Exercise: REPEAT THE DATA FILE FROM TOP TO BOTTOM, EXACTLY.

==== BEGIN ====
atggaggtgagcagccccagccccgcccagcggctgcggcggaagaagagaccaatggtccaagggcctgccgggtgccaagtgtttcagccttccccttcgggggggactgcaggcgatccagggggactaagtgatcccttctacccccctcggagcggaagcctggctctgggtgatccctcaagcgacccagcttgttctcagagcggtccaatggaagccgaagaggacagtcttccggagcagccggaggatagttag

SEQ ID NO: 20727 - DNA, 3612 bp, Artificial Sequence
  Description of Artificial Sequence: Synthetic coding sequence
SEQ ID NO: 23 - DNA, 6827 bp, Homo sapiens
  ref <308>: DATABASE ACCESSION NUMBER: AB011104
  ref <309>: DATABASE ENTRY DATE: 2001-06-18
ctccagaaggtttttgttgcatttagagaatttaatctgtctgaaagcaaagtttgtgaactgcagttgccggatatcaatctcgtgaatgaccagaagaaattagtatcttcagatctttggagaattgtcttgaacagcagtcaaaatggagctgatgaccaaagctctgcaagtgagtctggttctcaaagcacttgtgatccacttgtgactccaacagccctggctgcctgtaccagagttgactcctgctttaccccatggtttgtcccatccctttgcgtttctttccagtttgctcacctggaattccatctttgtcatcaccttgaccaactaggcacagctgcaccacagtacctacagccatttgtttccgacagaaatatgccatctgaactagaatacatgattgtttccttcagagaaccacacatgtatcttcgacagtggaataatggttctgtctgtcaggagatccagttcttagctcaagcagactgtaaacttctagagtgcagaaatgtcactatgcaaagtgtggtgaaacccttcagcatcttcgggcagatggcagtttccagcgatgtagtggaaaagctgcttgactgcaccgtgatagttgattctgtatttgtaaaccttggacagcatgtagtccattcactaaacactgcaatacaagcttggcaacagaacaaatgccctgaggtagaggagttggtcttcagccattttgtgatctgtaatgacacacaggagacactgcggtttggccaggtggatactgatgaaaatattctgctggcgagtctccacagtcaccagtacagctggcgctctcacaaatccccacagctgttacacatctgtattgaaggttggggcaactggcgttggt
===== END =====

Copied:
atggaggtgagcagccccagccccgcccagcggctgcggcggaagaagagaccaatggtccaagggcctgccgggtgccaagtgtttcagccttccccttcgggggggactgcaggcgatccagggggactaagtgatcccttctacccccctcggagcggaagcctggctctgggtgatccctcaagcgacccagcttgttctcagagcggtccaatggaagccgaagaggacagtcttccggagcagccggaggatagttag

SEQ ID NO: 20727 - DNA, 3612 bp, Artificial Sequence
  Description of Artificial Sequence: Synthetic coding sequence
SEQ ID NO: 23 - DNA, 6827 bp, Homo sapiens
  ref <308>: DATABASE ACCESSION NUMBER: AB011104
  ref <309>: DATABASE ENTRY DATE: 2001-06-18
ctccagaaggtttttgttgcatttagagaatttaatctgtctgaaagcaaagtttgtgaactgcagttgccggatatcaatctcgtgaatgaccagaagaaattagtatcttcagatctttggagaattgtcttgaacagcagtcaaaatggagctgatgaccaaagctctgcaagtgagtctggttctcaaagcacttgtgatccacttgtgactccaacagccctggctgcctgtaccagagttgactcctgctttaccccatggtttgtcccatccctttgcgtttctttccagtttgctcacctggaattccatctttgtcatcaccttgaccaactaggcacagctgcaccacagtacctacagccatttgtttccgacagaaatatgccatctgaactagaatacatgattgtttccttcagagaaccacacatgtatcttcgacagtggaataatggttctgtctgtcaggagatccagttcttagctcaagcagactgtaaacttctagagtgcagaaatgtcactatgcaaagtgtggtgaaacccttcagcatcttcgggcagatggcagtttccagcgatgtagtggaaaagctgcttgactgcaccgtgatagttgattctgtatttgtaaaccttggacagcatgtagtccattcactaaacactgcaatacaagcttggcaacagaacaaatgccctgaggtagaggagttggtcttcagccattttgtgatctgtaatgacacacaggagacactgcggtttggccaggtggatactgatgaaaatattctgctggcgagtctccacagtcaccagtacagctggcgctctcacaaatccccacagctgttacacatctgtattgaaggttggggcaactggcgttggt